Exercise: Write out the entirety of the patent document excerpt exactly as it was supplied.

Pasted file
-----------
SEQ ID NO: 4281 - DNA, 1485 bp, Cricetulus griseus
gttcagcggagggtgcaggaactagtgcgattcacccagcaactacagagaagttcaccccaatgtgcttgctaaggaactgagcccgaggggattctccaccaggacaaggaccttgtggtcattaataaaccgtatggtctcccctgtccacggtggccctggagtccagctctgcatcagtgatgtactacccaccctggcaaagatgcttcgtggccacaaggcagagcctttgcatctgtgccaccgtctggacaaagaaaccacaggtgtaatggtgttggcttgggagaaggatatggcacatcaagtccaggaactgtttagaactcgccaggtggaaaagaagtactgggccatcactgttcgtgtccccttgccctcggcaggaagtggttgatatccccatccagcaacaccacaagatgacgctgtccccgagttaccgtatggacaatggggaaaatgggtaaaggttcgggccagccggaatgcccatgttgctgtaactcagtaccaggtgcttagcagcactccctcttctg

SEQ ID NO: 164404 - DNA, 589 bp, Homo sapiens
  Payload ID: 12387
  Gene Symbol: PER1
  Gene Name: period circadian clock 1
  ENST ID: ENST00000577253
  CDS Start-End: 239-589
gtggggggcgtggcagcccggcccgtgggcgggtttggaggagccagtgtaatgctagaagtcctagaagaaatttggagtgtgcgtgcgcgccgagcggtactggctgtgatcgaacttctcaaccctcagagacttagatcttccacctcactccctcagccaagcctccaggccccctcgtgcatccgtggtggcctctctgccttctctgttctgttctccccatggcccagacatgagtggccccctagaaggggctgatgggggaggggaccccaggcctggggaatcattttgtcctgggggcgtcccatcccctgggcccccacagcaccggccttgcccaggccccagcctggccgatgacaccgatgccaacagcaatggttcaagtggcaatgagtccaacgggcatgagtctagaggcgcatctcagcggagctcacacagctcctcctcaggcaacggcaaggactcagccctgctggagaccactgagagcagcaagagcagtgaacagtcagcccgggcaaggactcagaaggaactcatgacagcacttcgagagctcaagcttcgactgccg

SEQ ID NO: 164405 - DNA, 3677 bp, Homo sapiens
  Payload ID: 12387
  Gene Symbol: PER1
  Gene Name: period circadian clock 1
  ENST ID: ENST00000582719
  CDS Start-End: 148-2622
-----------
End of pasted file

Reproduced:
SEQ ID NO: 4281 - DNA, 1485 bp, Cricetulus griseus
gttcagcggagggtgcaggaactagtgcgattcacccagcaactacagagaagttcaccccaatgtgcttgctaaggaactgagcccgaggggattctccaccaggacaaggaccttgtggtcattaataaaccgtatggtctcccctgtccacggtggccctggagtccagctctgcatcagtgatgtactacccaccctggcaaagatgcttcgtggccacaaggcagagcctttgcatctgtgccaccgtctggacaaagaaaccacaggtgtaatggtgttggcttgggagaaggatatggcacatcaagtccaggaactgtttagaactcgccaggtggaaaagaagtactgggccatcactgttcgtgtccccttgccctcggcaggaagtggttgatatccccatccagcaacaccacaagatgacgctgtccccgagttaccgtatggacaatggggaaaatgggtaaaggttcgggccagccggaatgcccatgttgctgtaactcagtaccaggtgcttagcagcactccctcttctg

SEQ ID NO: 164404 - DNA, 589 bp, Homo sapiens
  Payload ID: 12387
  Gene Symbol: PER1
  Gene Name: period circadian clock 1
  ENST ID: ENST00000577253
  CDS Start-End: 239-589
gtggggggcgtggcagcccggcccgtgggcgggtttggaggagccagtgtaatgctagaagtcctagaagaaatttggagtgtgcgtgcgcgccgagcggtactggctgtgatcgaacttctcaaccctcagagacttagatcttccacctcactccctcagccaagcctccaggccccctcgtgcatccgtggtggcctctctgccttctctgttctgttctccccatggcccagacatgagtggccccctagaaggggctgatgggggaggggaccccaggcctggggaatcattttgtcctgggggcgtcccatcccctgggcccccacagcaccggccttgcccaggccccagcctggccgatgacaccgatgccaacagcaatggttcaagtggcaatgagtccaacgggcatgagtctagaggcgcatctcagcggagctcacacagctcctcctcaggcaacggcaaggactcagccctgctggagaccactgagagcagcaagagcagtgaacagtcagcccgggcaaggactcagaaggaactcatgacagcacttcgagagctcaagcttcgactgccg

SEQ ID NO: 164405 - DNA, 3677 bp, Homo sapiens
  Payload ID: 12387
  Gene Symbol: PER1
  Gene Name: period circadian clock 1
  ENST ID: ENST00000582719
  CDS Start-End: 148-2622